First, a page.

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Wind group poor choice for balance  

The Virginia Wind Energy Collaborative has consistently maintained that it’s impartial and balanced in its stated mission to explore the pros and cons of commercial wind power generation in Virginia – a stance that appears to convince industry supporters and state officials it’s the right group to consult for anything related to advancing this politically attractive industry.

But VWEC is not what it appears to be, and if the officials charged with reviewing proposals for 400-foot turbines in Virginia looked carefully under the surface, what they’d find is an advocacy group staunchly supported by those who stand to gain financially from promoting this form of “green” energy. This is a classic case of opening wide the hen house door for the fox.

Last year, VWEC closed a meeting stacked with wind developers to the public. More recently, it declined to make the nature of research used for lobbying to support its claims available for public inspection. And now, Virginia’s Department of Mines, Minerals and Energy has chosen VWEC to design a scoring system for finding suitable wind and solar plant locations.

At last year’s meeting, VWEC had the right to exclude Highland County residents, and other members of the general public. Claiming a Freedom of Information Act section for withholding its research on wind issues, as outlined in today’s Recorder, also appears legal, and tough to challenge. But in both cases, the appearance of duck and cover actions generates more than a little skepticism from VWEC’s critics.

Highlanders have watched VWEC partners, and its executive director Dr. Jonathan Miles, testify before local and state officials on why a wind facility here deserves support. Residents were grilled under cross-examination when they presented opposing opinions about the project proposed here by a man who has made it clear he hopes to sell the power, or “electric credits,” the utility would provide.

VWEC is a loosely structured group of public and private sector interests that seems to surface at every turn in the debate, claiming only to educate Virginia residents on the benefits of wind. It’s no wonder there are folks, including environmentalists, crying foul. VWEC’s pro-wind bias makes it the wrong place to turn to for objective analysis on everything from renewable portfolio standards to assessing properties for suitable utility sites. The group is partially funded with public grant money, and therefore has no business taking sides in the discussions that revolve around this big, highly subsidized business that generates a whole lot of money for a selected few while ignoring the majority will.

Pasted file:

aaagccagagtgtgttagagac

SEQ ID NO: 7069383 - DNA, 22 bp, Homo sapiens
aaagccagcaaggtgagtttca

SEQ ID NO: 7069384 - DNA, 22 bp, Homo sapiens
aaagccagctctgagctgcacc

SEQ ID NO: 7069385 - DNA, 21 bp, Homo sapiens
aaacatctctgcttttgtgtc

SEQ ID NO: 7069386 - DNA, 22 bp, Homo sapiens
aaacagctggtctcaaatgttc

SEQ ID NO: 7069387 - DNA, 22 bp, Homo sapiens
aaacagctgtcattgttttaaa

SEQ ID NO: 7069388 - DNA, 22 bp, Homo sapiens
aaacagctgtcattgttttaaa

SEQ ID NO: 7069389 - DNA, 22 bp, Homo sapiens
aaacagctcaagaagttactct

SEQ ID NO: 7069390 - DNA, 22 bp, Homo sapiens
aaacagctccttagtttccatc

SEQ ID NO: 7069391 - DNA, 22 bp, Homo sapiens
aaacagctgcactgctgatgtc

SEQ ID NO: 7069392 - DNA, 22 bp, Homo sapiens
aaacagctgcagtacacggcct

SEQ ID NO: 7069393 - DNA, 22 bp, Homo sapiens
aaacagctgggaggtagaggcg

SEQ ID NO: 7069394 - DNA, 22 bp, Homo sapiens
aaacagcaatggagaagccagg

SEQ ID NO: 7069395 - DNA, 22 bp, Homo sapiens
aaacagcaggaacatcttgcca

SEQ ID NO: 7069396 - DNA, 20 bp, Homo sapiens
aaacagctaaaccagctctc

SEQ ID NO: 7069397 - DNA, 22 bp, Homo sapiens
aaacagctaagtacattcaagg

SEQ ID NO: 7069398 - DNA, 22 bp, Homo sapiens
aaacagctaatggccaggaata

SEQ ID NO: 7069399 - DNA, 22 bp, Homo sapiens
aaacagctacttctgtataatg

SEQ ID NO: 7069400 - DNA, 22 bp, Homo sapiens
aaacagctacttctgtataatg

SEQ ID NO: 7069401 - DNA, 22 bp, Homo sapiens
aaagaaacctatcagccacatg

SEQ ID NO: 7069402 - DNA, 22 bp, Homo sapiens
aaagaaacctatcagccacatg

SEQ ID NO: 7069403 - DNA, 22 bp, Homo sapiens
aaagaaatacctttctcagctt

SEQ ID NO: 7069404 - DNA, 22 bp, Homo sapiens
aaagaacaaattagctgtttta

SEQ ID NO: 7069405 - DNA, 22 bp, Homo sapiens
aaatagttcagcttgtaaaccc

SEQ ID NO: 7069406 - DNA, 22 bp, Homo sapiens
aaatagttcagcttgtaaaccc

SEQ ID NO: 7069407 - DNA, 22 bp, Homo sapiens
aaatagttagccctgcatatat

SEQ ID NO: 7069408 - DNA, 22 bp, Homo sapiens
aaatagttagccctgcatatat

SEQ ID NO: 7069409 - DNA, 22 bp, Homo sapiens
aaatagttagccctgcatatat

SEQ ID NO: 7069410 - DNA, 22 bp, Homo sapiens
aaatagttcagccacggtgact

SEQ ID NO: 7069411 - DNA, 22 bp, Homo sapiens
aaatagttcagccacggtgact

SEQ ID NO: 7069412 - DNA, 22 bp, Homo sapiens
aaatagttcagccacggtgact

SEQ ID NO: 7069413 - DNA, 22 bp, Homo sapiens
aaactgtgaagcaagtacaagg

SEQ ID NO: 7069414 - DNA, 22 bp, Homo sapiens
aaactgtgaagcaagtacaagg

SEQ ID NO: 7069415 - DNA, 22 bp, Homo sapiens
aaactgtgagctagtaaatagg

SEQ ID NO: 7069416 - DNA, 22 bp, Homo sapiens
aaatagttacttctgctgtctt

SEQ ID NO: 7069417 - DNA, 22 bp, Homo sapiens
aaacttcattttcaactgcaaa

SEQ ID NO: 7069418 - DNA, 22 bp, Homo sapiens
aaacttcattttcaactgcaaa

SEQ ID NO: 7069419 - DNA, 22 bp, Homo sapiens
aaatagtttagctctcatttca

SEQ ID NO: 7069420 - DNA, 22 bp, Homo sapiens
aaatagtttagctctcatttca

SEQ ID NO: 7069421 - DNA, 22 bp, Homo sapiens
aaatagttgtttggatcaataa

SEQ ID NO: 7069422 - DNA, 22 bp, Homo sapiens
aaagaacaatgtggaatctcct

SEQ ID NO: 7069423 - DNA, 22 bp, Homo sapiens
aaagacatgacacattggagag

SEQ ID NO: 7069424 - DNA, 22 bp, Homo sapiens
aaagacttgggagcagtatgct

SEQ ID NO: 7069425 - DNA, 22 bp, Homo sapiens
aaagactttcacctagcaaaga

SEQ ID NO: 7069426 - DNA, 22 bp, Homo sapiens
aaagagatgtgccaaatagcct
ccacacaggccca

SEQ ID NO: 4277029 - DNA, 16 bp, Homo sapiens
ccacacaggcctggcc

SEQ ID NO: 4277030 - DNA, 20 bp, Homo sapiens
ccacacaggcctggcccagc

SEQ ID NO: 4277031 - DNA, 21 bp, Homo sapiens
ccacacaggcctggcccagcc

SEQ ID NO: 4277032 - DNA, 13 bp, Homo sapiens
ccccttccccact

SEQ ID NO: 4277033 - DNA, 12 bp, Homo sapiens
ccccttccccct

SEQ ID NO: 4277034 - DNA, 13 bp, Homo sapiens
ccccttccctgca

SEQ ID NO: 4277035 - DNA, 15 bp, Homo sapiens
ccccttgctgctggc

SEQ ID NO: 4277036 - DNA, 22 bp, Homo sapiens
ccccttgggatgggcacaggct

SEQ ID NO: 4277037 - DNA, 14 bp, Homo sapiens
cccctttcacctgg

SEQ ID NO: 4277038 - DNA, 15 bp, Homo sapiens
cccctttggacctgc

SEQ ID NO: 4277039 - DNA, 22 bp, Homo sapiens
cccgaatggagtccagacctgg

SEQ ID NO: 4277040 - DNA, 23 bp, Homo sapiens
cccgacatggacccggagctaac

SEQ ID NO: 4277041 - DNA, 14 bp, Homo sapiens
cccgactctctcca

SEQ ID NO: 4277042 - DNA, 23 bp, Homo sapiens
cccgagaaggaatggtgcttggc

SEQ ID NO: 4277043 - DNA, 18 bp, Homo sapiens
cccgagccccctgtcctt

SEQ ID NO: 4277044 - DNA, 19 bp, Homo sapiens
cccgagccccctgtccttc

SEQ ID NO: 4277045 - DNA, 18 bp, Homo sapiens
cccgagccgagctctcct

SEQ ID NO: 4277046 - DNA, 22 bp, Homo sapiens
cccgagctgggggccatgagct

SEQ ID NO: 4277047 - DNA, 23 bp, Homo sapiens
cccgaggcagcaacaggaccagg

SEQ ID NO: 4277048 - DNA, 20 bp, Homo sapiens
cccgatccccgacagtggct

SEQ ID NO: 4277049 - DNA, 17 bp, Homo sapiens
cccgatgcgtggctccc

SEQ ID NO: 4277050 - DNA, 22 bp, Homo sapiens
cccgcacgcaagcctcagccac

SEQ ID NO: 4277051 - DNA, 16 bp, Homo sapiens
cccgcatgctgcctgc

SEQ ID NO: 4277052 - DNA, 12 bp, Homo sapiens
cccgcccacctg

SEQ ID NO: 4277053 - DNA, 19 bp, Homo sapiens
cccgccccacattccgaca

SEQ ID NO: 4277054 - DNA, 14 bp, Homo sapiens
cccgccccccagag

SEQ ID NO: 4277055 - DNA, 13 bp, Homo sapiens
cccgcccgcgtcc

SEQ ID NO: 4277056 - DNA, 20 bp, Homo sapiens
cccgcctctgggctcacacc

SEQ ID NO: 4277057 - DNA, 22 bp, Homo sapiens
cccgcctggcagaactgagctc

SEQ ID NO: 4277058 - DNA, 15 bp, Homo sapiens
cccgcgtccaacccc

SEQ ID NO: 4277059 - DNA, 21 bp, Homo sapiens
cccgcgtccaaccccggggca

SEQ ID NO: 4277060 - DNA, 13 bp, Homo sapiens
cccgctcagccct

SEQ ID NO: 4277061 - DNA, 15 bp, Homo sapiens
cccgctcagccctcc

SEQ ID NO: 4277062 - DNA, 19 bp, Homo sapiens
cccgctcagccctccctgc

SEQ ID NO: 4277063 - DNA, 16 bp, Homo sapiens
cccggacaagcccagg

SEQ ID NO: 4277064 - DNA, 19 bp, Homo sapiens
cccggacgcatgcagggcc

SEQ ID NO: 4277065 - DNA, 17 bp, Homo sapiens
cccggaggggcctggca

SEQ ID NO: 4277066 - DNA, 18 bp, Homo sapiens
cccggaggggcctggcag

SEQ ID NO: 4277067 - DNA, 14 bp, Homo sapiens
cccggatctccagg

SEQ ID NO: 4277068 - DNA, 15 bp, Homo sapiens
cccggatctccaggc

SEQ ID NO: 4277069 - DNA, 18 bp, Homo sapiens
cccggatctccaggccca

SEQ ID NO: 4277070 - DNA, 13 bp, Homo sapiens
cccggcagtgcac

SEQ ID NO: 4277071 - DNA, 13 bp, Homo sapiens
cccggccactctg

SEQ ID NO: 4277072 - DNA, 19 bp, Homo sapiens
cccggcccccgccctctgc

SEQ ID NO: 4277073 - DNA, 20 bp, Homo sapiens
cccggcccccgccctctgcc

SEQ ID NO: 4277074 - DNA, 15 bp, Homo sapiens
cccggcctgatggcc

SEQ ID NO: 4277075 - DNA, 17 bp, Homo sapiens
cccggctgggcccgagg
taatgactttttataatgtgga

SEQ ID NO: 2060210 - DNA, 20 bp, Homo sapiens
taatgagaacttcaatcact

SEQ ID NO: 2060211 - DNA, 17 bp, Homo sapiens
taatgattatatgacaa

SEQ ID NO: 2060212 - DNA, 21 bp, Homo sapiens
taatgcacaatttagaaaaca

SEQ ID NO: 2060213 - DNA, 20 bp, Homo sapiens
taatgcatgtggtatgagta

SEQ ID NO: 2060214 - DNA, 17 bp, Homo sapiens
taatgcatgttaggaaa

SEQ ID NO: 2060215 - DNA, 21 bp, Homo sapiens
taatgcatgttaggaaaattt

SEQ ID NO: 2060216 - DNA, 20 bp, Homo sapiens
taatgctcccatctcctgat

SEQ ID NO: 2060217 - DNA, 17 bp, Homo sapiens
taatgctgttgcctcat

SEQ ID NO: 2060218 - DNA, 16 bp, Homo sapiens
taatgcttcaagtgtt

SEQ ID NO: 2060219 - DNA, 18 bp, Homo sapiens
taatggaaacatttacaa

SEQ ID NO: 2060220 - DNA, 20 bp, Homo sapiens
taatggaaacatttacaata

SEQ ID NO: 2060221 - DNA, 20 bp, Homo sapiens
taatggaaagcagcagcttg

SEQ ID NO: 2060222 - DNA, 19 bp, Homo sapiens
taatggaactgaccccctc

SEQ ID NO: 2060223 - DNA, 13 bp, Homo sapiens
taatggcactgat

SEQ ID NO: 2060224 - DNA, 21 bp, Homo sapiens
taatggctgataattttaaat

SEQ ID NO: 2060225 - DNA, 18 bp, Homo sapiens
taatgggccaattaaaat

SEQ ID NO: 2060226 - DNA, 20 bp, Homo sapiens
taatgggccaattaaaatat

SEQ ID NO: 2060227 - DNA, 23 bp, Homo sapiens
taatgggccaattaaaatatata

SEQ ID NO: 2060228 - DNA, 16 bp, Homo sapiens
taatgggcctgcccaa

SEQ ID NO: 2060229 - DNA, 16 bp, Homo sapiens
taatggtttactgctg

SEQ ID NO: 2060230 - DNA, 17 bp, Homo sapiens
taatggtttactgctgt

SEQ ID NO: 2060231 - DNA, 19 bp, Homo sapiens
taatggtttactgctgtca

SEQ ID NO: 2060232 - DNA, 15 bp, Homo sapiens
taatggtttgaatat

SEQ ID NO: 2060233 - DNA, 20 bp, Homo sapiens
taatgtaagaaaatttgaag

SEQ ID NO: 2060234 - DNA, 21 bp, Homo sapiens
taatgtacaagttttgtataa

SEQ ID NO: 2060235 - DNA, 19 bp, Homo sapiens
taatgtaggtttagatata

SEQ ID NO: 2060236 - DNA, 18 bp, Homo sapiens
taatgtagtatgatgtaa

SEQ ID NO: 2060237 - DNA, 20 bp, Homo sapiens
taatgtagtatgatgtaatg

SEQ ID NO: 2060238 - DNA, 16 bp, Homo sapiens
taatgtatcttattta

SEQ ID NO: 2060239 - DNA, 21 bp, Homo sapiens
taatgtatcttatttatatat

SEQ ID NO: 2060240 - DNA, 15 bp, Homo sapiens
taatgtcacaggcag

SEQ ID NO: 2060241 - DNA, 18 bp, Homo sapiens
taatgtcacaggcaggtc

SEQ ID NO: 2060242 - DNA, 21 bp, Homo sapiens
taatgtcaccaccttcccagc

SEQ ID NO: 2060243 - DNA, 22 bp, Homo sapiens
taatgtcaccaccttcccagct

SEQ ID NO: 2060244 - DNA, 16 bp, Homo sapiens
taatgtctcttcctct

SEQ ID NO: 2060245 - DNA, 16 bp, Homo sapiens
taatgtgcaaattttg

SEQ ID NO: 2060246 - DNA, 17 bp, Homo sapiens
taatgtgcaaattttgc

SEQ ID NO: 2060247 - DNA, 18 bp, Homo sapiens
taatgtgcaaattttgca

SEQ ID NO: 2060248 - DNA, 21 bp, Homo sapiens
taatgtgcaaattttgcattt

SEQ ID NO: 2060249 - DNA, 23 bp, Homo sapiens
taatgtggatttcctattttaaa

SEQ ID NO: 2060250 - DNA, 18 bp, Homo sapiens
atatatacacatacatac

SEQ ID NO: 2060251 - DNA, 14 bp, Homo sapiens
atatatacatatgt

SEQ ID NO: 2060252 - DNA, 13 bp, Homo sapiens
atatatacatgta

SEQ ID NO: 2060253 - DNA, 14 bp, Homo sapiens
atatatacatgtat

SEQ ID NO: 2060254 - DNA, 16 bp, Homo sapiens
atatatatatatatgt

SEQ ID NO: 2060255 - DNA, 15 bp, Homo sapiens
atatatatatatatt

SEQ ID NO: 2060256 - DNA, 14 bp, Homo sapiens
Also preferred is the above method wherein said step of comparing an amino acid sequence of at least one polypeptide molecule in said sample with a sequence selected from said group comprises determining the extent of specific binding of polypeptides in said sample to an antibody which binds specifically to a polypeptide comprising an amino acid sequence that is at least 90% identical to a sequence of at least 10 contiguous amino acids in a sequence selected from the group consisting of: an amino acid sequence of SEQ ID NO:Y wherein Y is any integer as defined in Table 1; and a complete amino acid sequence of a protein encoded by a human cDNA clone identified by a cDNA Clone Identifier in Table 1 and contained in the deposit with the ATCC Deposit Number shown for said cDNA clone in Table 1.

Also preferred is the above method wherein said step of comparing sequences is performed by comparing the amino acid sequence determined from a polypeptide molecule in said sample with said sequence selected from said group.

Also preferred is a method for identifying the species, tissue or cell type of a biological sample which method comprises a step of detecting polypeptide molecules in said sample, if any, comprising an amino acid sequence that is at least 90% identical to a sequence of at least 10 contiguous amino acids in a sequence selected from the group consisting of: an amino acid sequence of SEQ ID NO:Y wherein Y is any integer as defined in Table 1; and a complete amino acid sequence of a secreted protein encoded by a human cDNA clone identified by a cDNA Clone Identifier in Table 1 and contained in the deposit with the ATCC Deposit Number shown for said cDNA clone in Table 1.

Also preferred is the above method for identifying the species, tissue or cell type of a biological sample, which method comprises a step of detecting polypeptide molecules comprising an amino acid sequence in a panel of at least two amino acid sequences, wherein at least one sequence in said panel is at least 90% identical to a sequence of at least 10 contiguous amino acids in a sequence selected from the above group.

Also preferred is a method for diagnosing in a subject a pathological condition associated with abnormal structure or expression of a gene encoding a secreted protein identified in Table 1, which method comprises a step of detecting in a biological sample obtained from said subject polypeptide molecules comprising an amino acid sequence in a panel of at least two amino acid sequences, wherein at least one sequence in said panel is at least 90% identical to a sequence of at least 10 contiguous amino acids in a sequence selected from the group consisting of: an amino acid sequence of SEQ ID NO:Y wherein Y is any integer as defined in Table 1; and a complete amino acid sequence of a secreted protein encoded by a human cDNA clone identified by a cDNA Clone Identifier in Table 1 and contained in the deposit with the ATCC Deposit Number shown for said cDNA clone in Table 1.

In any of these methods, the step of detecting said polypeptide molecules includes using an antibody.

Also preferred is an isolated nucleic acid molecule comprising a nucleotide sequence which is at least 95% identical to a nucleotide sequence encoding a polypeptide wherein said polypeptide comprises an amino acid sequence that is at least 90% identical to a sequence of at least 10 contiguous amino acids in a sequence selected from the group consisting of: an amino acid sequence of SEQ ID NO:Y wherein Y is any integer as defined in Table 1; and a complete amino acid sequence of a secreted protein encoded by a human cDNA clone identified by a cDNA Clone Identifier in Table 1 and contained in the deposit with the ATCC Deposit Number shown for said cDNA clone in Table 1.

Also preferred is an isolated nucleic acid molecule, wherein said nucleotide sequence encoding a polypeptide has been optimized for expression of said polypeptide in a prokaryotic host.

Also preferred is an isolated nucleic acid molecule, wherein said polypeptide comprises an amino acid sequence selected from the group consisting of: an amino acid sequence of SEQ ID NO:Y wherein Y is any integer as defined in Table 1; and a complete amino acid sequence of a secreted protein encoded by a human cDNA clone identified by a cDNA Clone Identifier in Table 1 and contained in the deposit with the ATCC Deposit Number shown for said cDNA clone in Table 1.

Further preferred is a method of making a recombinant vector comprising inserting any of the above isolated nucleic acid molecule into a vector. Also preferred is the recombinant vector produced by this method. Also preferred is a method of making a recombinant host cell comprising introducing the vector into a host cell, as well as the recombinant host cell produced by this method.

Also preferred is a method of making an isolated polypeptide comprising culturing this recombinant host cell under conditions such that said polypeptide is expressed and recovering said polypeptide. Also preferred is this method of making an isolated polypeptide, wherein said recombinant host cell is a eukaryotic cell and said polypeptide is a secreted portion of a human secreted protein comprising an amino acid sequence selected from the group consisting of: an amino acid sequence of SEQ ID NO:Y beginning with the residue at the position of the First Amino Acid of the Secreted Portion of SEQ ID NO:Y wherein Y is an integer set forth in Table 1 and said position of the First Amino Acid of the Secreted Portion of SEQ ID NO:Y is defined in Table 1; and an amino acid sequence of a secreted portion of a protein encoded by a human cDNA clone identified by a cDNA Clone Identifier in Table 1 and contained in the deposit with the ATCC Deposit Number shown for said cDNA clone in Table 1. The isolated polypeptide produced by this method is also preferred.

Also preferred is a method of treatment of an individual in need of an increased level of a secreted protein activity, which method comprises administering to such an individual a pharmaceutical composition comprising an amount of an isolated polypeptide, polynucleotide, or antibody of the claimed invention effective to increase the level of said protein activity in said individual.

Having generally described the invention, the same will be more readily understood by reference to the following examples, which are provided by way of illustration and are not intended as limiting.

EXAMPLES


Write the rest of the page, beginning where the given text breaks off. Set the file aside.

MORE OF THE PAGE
In Highland, where the first Virginians who may have to come to grips with an industrial-scale wind facility reside, VWEC’s efforts carry more than a passing interest, and the group has a clear, ethical obligation not to be selectively exclusive when it continues to insist it’s a neutral, educational organization. Most who live here are strongly opposed to putting these monolithic towers on our pristine ridges. They have seen through VWEC’s stated intentions and find the group’s continued central role in the debate – statewide and at home – just too much to swallow.

The connections VWEC has with wind energy officials and lobbyists make it absolutely the wrong choice for creating utility siting guidelines There is still a chance to put that assignment where it belongs – in a working group of agency scientists and experts from the SCC, the Department of Environmental Quality, and other state departments with the background and objectivity to design a system that will take into account all sides of the argument.

VWEC says it will hold public meetings as it begins to design this scoring system. Given its track record for dismissing those opposed to industrial wind energy as NIMBYists, it’s unlikely it will take input from our residents seriously. Highlanders, to be sure, have spent enough time feeling disenfranchised in this process. The state should not allow them to be further abused by an organization that has absolutely no interest in the consequences of its actions.


This article is the work of the source indicated. Any opinions expressed in it are not necessarily those of National Wind Watch.

The copyright of this article resides with the author or publisher indicated. As part of its noncommercial effort to present the environmental, social, scientific, and economic issues of large-scale wind power development to a global audience seeking such information, National Wind Watch endeavors to observe “fair use” as provided for in section 107 of U.S. Copyright Law and similar “fair dealing” provisions of the copyright laws of other nations. Send requests to excerpt, general inquiries, and comments via e-mail.

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